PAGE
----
Helicopters Video Thread


#141

Courage :slight_smile:


#142

No… Marines!


#143

Extra squishy suspension


#144

What was I saying about Risk Aversion?..forget I mentioned it…LOL…I was clearly wrong…


#145

This is very, very awesome!


#146

Yeah…I watched this earlier. That is some cool use of the scenery tools (or Mission Editor I guess) to do that stuff on the dam. That dive away from the top was sick…


#147

Insane: https://i.imgur.com/0Cy6yz0.mp4


#148

Oh man…I had visions of a pannier getting blown up off one of those bikes into the rotor. Even something that small can have catastrophic results. Risky business those helos…


#149

Yeah, something like this is not done everyday, especially because Amsterdam is pretty well supplied with hospitals in short range. So either they needed a doctor on scene ASAP or needed to get someone to the hospital ridiculously fast. It’s probably less then a 2 minute flight once you get off the ground again.

I know the VUMC among others has a helipad with a service station for Lifeliners, I’ve marked it on this google maps link, with a random bridge over the canals as well.

https://www.google.nl/maps/dir/52.3753653,4.8999626/VU+medisch+centrum,+De+Boelelaan+1117,+1081+HV+Amsterdam/@52.3588713,4.8757595,12.75z/data=!4m8!4m7!1m0!1m5!1m1!1s0x47c5e1e2c3698a61:0x595abf41bfccdee!2m2!1d4.8598158!2d52.3345709


#150

I highly recommend scrolling through that website to get an idea how the lifeliner helicopters are used in The Netherlands. Our country is small enough to not need aircraft like @BeachAV8R flies when transporting patients between hospitals, we can do it with this and ambulances!


#151

So it seems different that I was expecting. Most of the reports that I read on that site seem to reference delivering a doctor to the incident site instead of transporting a casualty from the site to hospital. My limited exposure to the Air Ambulance groups has been related to pickup instead of delivering support personnel. Very interesting reads.


#152

I suppose that that really is because of the population density of The Netherlands though.


#153

Posting only because there were no major injuries of fatalities…


#154

How the guy on the ground survived, i have no idea.

I would be buying a lotto ticket after that one ! fwooooooaaarrrr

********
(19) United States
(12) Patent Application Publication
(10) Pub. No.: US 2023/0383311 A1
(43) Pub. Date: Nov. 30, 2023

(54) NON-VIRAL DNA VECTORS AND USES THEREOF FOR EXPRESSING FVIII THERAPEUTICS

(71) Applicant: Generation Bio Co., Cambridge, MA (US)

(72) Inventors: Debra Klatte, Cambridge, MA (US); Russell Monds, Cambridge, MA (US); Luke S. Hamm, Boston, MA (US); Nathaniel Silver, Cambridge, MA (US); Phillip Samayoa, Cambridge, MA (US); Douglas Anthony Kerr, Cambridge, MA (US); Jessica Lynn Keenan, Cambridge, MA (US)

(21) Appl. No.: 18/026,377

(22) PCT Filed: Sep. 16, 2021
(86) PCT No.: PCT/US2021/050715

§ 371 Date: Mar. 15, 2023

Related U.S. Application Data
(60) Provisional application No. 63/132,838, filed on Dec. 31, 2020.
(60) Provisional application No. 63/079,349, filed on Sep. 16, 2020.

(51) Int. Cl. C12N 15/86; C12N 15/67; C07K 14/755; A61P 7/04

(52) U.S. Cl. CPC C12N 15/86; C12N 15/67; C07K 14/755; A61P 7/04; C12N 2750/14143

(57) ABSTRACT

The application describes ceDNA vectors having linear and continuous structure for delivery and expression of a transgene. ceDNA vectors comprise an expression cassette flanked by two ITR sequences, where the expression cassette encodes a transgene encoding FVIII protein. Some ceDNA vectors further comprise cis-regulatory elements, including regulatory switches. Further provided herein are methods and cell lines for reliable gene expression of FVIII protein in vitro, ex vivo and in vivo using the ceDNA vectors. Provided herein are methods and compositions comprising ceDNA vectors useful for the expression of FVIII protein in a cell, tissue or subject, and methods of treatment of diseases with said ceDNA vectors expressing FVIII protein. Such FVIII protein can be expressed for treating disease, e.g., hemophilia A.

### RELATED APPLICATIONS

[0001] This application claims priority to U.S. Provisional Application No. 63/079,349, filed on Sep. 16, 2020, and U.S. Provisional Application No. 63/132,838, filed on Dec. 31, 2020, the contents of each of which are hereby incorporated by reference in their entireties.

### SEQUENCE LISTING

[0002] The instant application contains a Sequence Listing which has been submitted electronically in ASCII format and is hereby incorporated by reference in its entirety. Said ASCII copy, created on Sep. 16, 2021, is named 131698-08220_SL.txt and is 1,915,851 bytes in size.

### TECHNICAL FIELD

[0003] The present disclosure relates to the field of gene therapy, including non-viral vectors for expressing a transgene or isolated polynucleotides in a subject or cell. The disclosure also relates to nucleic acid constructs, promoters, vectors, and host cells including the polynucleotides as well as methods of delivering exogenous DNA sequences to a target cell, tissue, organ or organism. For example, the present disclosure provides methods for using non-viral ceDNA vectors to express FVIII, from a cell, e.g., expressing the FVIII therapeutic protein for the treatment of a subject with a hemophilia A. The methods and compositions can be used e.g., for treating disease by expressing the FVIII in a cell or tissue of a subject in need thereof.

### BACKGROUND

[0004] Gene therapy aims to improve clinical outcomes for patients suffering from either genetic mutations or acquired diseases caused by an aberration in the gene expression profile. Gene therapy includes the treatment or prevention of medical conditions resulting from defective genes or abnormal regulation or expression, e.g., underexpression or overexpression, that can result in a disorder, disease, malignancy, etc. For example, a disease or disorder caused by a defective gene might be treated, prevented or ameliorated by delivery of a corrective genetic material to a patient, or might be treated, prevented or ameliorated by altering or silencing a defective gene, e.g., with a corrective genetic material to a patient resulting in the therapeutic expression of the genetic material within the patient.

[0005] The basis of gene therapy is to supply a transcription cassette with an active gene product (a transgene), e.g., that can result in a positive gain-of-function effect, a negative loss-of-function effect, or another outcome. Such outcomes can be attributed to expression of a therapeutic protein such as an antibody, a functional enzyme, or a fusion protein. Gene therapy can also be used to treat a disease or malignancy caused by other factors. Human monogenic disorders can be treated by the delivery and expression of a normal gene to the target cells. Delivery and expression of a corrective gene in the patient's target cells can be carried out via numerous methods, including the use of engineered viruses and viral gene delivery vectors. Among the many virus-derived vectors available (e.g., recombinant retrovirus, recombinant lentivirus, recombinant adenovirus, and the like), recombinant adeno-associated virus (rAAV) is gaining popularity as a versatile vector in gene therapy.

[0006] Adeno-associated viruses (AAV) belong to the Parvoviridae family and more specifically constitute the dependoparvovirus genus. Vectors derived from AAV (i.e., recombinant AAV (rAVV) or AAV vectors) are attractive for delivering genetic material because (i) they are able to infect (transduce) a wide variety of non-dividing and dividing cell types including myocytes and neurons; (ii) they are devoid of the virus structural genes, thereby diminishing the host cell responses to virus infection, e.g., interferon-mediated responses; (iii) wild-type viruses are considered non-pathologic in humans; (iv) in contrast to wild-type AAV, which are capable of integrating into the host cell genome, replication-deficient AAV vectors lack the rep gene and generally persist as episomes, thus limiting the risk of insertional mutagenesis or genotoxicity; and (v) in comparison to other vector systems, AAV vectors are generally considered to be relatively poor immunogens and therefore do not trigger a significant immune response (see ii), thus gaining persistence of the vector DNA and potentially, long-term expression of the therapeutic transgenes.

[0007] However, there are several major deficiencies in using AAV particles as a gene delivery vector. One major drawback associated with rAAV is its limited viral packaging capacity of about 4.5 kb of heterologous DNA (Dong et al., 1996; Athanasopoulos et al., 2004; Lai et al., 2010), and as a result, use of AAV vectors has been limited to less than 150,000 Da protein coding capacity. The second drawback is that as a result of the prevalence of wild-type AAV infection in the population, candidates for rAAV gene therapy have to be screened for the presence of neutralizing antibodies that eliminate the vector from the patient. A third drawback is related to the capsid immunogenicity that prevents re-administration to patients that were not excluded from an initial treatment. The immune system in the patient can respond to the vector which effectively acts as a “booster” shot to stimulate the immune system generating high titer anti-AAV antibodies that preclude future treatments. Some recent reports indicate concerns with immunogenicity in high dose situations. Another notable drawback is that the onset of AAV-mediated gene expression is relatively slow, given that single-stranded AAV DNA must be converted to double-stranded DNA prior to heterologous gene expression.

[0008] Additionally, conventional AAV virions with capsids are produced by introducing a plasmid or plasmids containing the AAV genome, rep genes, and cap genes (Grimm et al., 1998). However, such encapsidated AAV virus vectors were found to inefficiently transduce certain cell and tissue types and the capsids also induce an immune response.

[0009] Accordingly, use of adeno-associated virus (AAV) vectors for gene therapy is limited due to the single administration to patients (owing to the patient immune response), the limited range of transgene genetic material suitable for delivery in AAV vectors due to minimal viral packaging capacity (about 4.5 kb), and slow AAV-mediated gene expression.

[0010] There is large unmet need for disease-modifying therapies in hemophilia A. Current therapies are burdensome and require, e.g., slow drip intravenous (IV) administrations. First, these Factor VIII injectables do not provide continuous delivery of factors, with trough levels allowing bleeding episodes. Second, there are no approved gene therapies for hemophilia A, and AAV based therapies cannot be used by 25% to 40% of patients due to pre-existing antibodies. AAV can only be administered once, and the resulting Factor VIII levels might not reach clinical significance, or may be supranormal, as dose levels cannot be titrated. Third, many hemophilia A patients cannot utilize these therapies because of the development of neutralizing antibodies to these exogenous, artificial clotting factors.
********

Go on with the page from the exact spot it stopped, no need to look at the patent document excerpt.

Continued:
#155

I’m left wondering how that even happens. What was the other crew trying to do? Show off?


#156

To me it looks like the pilot of the (our) right side helicopter missed the parking spot. Still doesn’t excuse error of the pilot of the second helicopter landing. That is unless a CFI was saying over the intercom, “Closer you sissy.” :slight_smile:


#157

Yeah, @chipwich got it right. The NTSB report says that the pilot of the helicopter coming in to land had her windscreen a bit contaminated with water droplets. She said she saw the other helicopter, but just assumed that it was on it’s proper parking spot (it was not). Thus, she lined up for the other spot…and there ya’ have it. Poor procedures all around. I’m guessing there are now requirements for positive comms between helos, proper marking of the helipad, proper placement of helos on the pad, and perhaps even a requirement that if a marshaller/mechanic/pilot is around they should give hand signals to ensure proper landing zones.

NTSB Report with more details…

"On final she observed N96BM on the ground and assumed it to be on pad 1; at the time there was no direct/established communications with the pilot of N96BM. The pilot hover-taxied to Pad 2, and was concentrating on keeping her helicopter in the box for Pad 2. She stated that she was getting on the radios to tell the passengers to stay put, and simultaneously lowered pitch; at that point the, “sky fell.” The pilot stated that she had seen two helmets in the helicopter, but did not have eye contact with the pilot or TFO of the other helicopter.

The pilot stated that the windscreen and side windows were wet with water drops. She was looking forward to stay straight and utilizing the chin window and her periphery to land inside the box.

The pilot stated that at the time she did not realize that the parked helicopter (N96BM) was not in the box. Her state of mind was that the other helicopter was in the box, so pay attention to your box when you land, and you’ll be fine.

In her experience, she had not observed a helicopter placed outside of the box."


#158

And let me slap my hand a bit for that comment. Aviation accidents are sometimes the result of the .01% thing happening when all your career you’ve been exposed to the 99.99%. Things like this happen…and it is easy to say “well, they shouldn’t have done that”…but it isn’t pilot error…it is “human” error. We aren’t perfect machines and it is actually quite easy to see how this could have happened.


#160

We’re creatures of habit…
If you have never seen another helo parked out of its box, you will assume it’s parked inside it. That is until someone has an accident. I bet everybody considers the possibility of a misplaced helo now though.


#161

In our business (fixed wing stuff) it drives me crazy to no end to see yellow taxiway lines painted in places that do not guarantee you wing clearance. Granted, a Gulfstream has to be more aware than a Cessna 152 on what his tips are doing at any given time, but I’ve seen many yellow taxi lines (usually on FBO ramps) that would lead any small to mid-size turboprop or jet to bang a wing into some fuel trucks or parked vans or whatever. I never trust a yellow line unless it is coming off a runway onto a taxiway. Markings on non-movement (non ATC controlled) areas are a wild west unfortunately.